Last Updated: 2008-02-09 00:07:20 UTC
by Jim Clausing (Version: 3)
Just a heads up, Firefox 184.108.40.206 is available for manual download via the links on http://www.mozilla.com which means in the next 24 hours we're likely to see it available for automatic download. The known vulnerabilities page lists 10 issues (3 critical) fixed in this release. Thanx, to roseman for the heads up.
Update: (2008-02-08 16:10 UTC) It just showed up automatically for me. --jac
Last Updated: 2008-02-08 16:52:52 UTC
by Jim Clausing (Version: 2)
Get some good sleep over the weekend because Microsoft has announced that they intend to release 12 bulletins (7 ranked as critical, by Microsoft, which means 'can result in remote code execution') on Tuesday. The overview can be found here.
Update: Also, take a look at the MSRC blog post.
Last Updated: 2008-02-08 02:28:57 UTC
by Raul Siles (Version: 1)
The last couple of days have brought up multiple serious vulnerabilities in very commonly used client software:
- QuickTime 7.4.1 - Heap buffer overflow that may cause arbitrary remote code execution.
- Adobe Reader 8.1.2 - It turns out that the non-clearly defined security vulnerabilities in the release notes include a stack overflow that can lead to remote code execution, as analyzed by Kostya Kortchinsky from Inmunity. PoC is already available.
- Firefox 220.127.116.11 - It fixes 10 security issues, some of them labeled as critical.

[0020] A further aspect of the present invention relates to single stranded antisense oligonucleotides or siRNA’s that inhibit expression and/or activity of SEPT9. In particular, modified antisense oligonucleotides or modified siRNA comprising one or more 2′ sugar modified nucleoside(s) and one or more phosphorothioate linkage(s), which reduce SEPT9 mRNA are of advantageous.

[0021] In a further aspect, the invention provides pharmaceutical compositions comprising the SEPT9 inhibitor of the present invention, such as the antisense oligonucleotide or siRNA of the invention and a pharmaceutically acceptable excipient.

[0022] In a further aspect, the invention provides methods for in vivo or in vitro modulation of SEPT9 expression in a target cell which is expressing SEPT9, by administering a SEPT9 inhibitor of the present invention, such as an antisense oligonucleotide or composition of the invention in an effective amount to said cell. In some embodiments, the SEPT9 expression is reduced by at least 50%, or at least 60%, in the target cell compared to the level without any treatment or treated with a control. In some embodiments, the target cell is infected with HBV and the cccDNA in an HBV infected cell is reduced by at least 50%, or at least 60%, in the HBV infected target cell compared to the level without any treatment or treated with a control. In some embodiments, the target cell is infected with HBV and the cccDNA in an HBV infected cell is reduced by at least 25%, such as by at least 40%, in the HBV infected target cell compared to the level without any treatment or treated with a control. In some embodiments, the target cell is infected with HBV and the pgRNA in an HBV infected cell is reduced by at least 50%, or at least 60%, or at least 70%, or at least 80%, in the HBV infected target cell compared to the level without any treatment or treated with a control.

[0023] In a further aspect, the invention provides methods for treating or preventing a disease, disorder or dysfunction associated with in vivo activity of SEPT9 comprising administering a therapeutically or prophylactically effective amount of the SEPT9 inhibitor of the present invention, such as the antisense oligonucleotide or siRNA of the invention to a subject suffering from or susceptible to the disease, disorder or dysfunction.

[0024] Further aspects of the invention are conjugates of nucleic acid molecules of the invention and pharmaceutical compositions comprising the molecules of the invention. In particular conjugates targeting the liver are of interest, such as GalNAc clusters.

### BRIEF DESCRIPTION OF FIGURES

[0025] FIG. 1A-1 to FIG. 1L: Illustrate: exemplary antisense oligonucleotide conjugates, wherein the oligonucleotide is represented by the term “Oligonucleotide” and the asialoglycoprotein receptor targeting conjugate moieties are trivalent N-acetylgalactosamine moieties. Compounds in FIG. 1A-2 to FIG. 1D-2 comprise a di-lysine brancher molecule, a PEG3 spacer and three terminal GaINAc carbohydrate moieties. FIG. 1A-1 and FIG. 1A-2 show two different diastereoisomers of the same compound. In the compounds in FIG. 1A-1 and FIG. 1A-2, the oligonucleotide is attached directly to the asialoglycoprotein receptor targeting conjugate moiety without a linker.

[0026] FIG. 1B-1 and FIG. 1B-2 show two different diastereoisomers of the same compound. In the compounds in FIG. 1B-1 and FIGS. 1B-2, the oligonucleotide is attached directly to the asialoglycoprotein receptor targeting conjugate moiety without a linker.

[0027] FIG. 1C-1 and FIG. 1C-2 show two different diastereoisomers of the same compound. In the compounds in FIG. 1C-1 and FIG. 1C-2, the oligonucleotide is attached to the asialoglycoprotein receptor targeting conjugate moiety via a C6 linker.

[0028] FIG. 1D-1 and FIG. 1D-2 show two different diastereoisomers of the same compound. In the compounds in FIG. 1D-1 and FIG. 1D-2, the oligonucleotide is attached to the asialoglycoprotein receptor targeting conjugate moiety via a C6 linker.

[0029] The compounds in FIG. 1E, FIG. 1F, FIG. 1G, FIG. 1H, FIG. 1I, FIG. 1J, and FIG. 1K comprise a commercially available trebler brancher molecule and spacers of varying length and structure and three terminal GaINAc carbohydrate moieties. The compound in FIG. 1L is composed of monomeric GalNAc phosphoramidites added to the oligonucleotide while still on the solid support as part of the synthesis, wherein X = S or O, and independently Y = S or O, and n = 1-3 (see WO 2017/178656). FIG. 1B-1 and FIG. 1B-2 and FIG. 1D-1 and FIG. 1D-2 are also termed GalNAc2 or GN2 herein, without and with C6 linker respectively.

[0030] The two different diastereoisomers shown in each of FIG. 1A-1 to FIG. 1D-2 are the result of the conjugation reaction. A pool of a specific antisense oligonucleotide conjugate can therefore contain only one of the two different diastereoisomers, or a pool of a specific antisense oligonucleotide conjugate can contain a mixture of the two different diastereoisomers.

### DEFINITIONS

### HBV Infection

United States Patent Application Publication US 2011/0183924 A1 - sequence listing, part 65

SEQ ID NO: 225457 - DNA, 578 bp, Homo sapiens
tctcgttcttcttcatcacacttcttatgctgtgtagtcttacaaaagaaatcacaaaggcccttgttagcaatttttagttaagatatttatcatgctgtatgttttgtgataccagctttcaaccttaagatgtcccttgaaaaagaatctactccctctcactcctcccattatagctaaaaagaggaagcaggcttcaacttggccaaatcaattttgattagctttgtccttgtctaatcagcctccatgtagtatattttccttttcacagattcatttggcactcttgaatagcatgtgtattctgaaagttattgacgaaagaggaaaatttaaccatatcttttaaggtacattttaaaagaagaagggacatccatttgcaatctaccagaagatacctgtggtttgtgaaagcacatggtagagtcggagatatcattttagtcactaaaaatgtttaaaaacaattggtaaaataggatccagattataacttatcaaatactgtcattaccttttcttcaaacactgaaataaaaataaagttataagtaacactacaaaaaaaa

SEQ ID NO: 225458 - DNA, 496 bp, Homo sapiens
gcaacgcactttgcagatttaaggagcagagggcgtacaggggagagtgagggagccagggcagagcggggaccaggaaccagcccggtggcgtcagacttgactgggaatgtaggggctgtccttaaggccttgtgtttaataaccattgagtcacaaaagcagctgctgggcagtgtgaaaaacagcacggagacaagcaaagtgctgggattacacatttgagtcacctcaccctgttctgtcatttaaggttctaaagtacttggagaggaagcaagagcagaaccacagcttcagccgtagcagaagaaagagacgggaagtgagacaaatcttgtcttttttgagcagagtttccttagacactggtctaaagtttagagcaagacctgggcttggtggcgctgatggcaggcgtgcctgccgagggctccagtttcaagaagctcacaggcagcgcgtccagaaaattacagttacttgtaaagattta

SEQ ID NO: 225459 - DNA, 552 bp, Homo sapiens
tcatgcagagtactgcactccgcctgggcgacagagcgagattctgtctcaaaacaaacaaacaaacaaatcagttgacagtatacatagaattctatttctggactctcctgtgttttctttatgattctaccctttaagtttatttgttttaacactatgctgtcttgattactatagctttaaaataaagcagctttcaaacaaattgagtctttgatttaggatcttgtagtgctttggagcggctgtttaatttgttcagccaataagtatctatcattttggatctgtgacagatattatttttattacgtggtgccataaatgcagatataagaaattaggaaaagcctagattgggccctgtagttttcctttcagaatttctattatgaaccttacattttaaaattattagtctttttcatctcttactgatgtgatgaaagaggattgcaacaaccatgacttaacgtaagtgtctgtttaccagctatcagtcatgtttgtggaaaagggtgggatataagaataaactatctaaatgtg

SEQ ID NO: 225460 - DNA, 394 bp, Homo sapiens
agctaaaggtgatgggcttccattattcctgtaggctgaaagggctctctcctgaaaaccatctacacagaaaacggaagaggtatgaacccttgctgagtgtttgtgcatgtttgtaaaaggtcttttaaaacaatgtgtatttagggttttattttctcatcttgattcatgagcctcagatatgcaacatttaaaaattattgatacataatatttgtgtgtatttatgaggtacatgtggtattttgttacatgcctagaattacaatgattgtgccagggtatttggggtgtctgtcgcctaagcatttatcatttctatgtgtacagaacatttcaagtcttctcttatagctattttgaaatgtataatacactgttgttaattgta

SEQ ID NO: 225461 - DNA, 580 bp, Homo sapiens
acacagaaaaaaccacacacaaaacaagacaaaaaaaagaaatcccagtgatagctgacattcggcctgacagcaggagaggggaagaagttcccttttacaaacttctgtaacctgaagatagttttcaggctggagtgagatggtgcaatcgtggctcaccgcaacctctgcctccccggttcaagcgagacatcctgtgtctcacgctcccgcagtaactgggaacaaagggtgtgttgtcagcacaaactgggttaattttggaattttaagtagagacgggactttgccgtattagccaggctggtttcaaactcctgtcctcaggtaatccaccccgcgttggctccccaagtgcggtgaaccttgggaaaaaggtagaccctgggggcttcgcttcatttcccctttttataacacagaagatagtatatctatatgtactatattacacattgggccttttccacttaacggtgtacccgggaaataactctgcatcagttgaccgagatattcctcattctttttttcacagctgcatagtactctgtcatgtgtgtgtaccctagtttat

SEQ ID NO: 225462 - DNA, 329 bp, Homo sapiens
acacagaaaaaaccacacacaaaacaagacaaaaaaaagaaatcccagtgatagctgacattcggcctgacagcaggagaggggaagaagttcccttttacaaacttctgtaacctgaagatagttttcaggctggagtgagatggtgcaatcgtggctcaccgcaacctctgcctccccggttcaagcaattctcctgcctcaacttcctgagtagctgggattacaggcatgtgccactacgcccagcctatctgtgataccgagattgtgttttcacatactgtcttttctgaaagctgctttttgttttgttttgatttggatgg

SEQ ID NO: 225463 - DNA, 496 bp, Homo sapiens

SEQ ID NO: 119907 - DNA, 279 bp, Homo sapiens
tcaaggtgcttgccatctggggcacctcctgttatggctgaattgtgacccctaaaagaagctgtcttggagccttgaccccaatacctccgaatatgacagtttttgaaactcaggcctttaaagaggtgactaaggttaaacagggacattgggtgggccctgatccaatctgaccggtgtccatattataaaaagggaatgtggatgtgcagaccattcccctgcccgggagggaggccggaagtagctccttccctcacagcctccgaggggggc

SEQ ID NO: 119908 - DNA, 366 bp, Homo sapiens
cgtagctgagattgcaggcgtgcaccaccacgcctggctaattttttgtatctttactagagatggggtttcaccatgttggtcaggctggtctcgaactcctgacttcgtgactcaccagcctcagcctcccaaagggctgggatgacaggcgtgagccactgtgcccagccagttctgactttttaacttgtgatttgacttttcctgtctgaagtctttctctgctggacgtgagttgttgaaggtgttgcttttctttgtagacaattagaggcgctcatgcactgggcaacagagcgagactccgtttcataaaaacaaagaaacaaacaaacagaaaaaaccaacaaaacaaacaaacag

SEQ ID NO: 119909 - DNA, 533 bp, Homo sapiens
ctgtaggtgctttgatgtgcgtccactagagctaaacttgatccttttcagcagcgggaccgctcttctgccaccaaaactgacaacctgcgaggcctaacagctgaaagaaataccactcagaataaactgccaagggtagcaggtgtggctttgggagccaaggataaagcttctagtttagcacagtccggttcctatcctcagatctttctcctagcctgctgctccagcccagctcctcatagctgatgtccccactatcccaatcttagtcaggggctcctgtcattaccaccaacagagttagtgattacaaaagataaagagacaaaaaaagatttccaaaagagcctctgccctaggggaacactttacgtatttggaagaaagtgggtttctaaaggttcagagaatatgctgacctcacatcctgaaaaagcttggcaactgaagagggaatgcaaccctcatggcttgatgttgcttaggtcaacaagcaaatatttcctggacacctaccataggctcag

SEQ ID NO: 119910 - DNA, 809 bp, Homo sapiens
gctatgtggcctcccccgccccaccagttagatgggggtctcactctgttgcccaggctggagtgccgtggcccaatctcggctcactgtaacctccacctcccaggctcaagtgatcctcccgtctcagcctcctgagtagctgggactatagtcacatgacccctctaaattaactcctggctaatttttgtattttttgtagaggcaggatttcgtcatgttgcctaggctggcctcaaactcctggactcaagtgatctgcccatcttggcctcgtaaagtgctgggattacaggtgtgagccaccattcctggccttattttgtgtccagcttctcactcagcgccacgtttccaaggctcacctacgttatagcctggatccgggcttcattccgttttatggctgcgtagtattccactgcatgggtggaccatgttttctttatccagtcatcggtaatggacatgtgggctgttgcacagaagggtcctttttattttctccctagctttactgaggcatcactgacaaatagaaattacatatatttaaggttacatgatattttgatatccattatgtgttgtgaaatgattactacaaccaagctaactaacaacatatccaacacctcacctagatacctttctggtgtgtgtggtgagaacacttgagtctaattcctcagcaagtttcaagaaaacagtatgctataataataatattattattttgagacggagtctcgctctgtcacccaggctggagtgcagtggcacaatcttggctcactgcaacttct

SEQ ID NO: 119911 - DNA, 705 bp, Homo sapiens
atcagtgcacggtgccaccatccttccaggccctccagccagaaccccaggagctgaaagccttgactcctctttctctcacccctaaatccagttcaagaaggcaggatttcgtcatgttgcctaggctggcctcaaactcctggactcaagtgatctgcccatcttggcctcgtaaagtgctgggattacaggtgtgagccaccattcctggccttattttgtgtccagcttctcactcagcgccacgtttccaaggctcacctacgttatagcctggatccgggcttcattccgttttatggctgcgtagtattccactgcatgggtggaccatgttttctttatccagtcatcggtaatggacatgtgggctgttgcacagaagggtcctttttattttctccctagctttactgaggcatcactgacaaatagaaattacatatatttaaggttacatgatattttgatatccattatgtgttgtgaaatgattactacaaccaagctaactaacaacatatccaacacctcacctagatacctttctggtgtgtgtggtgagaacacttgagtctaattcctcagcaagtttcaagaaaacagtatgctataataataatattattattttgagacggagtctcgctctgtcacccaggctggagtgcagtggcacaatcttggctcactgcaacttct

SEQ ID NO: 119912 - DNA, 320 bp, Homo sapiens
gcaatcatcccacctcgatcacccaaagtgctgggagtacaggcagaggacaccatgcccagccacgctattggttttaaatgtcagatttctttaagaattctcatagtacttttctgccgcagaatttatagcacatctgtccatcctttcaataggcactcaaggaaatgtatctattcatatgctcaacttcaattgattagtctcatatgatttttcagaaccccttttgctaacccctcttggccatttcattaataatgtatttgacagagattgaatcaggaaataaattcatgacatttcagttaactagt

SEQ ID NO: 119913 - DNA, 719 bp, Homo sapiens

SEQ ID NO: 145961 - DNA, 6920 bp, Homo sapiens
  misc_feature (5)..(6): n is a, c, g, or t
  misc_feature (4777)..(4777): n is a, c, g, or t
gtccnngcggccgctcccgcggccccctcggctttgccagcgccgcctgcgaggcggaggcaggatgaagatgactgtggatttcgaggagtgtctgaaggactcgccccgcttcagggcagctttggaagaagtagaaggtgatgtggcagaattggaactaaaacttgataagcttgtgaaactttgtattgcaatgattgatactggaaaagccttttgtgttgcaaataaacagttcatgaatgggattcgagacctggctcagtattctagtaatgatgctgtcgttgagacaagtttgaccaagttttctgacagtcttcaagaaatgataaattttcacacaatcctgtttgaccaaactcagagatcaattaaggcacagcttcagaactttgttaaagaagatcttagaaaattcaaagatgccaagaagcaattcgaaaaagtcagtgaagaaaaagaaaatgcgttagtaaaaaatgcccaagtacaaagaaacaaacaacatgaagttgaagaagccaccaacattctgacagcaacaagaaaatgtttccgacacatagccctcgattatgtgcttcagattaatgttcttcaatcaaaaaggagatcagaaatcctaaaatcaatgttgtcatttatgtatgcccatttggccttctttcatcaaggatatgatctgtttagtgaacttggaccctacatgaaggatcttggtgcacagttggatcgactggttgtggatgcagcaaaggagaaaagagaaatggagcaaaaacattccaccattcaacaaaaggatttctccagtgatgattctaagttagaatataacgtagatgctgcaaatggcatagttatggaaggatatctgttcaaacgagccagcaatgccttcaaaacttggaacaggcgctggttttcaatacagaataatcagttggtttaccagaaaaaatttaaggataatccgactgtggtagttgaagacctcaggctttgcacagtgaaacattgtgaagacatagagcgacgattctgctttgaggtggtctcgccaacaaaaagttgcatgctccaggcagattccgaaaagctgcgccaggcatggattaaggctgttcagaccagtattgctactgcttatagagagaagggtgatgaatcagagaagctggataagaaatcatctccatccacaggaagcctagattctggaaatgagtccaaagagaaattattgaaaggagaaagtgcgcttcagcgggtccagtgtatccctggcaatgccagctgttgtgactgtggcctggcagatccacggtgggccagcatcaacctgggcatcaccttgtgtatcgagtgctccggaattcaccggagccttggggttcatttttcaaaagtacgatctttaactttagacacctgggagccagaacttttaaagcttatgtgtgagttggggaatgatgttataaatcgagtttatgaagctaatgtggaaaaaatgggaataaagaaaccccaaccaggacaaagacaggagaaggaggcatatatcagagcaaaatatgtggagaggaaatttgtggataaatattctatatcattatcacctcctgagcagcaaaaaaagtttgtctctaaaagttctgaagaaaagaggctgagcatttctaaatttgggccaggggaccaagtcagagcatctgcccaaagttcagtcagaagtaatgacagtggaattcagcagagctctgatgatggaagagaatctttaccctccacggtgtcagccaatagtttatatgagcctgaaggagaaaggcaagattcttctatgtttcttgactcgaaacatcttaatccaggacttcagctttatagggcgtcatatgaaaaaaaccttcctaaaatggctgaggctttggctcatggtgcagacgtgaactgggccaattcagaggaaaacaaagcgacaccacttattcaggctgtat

- ... and be ready for the new twelve security bulletins Microsoft will release next Tuesday, 7 labeled as critical and 5 as important, affecting the OS, Office, IE and IIS.
As you already know, clients are one of the main targets for attacks nowadays. Ensure your automatic software update mechanisms are working properly or go back to the manual update process, but please, patch! BTW, based on a quick test, at this time only some of the new updates already show up on the automatic update features of the affected products: Adobe Reader and Firefox do, while Quick Time does not.
A topic I have been researching a little bit about recently is "update tools for third-party client applications". What tools do you use to manage updates on commonly used third-party client tools, apart from the expensive corporate solutions? Please, send us your suggestions and I will summarize in a future post.
-- Raul Siles